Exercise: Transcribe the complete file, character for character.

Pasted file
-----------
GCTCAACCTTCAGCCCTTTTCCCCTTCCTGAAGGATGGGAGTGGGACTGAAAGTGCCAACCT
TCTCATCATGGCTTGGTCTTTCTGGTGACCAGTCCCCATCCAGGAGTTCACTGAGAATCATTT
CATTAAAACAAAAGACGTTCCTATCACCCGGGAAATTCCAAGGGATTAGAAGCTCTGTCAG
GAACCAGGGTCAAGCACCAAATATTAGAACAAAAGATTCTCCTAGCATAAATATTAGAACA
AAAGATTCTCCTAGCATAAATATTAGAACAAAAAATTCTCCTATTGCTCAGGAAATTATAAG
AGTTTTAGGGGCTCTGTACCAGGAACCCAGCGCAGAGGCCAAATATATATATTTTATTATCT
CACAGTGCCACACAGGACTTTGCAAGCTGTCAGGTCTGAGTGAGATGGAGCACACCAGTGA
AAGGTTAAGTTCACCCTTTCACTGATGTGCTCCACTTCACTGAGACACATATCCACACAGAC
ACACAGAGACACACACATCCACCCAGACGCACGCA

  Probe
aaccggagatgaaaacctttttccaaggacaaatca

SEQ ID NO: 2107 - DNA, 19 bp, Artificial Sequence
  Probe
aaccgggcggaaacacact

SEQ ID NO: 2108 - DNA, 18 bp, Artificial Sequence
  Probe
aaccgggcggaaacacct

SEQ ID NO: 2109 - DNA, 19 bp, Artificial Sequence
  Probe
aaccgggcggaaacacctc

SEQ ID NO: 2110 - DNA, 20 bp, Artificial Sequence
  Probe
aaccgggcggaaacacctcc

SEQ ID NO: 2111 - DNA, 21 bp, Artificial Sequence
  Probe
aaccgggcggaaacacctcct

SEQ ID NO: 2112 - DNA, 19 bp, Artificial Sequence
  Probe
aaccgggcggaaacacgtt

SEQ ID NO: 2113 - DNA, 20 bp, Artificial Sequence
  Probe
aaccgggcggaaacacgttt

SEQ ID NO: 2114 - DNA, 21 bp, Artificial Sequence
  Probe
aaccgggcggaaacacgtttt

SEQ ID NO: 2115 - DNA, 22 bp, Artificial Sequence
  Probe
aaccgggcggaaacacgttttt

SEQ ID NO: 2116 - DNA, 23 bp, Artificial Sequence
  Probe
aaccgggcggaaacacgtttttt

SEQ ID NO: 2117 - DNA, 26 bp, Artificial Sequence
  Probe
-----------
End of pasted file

GCTCAACCTTCAGCCCTTTTCCCCTTCCTGAAGGATGGGAGTGGGACTGAAAGTGCCAACCT
TCTCATCATGGCTTGGTCTTTCTGGTGACCAGTCCCCATCCAGGAGTTCACTGAGAATCATTT
CATTAAAACAAAAGACGTTCCTATCACCCGGGAAATTCCAAGGGATTAGAAGCTCTGTCAG
GAACCAGGGTCAAGCACCAAATATTAGAACAAAAGATTCTCCTAGCATAAATATTAGAACA
AAAGATTCTCCTAGCATAAATATTAGAACAAAAAATTCTCCTATTGCTCAGGAAATTATAAG
AGTTTTAGGGGCTCTGTACCAGGAACCCAGCGCAGAGGCCAAATATATATATTTTATTATCT
CACAGTGCCACACAGGACTTTGCAAGCTGTCAGGTCTGAGTGAGATGGAGCACACCAGTGA
AAGGTTAAGTTCACCCTTTCACTGATGTGCTCCACTTCACTGAGACACATATCCACACAGAC
ACACAGAGACACACACATCCACCCAGACGCACGCA

  Probe
aaccggagatgaaaacctttttccaaggacaaatca

SEQ ID NO: 2107 - DNA, 19 bp, Artificial Sequence
  Probe
aaccgggcggaaacacact

SEQ ID NO: 2108 - DNA, 18 bp, Artificial Sequence
  Probe
aaccgggcggaaacacct

SEQ ID NO: 2109 - DNA, 19 bp, Artificial Sequence
  Probe
aaccgggcggaaacacctc

SEQ ID NO: 2110 - DNA, 20 bp, Artificial Sequence
  Probe
aaccgggcggaaacacctcc

SEQ ID NO: 2111 - DNA, 21 bp, Artificial Sequence
  Probe
aaccgggcggaaacacctcct

SEQ ID NO: 2112 - DNA, 19 bp, Artificial Sequence
  Probe
aaccgggcggaaacacgtt

SEQ ID NO: 2113 - DNA, 20 bp, Artificial Sequence
  Probe
aaccgggcggaaacacgttt

SEQ ID NO: 2114 - DNA, 21 bp, Artificial Sequence
  Probe
aaccgggcggaaacacgtttt

SEQ ID NO: 2115 - DNA, 22 bp, Artificial Sequence
  Probe
aaccgggcggaaacacgttttt

SEQ ID NO: 2116 - DNA, 23 bp, Artificial Sequence
  Probe
aaccgggcggaaacacgtttttt

SEQ ID NO: 2117 - DNA, 26 bp, Artificial Sequence
  Probe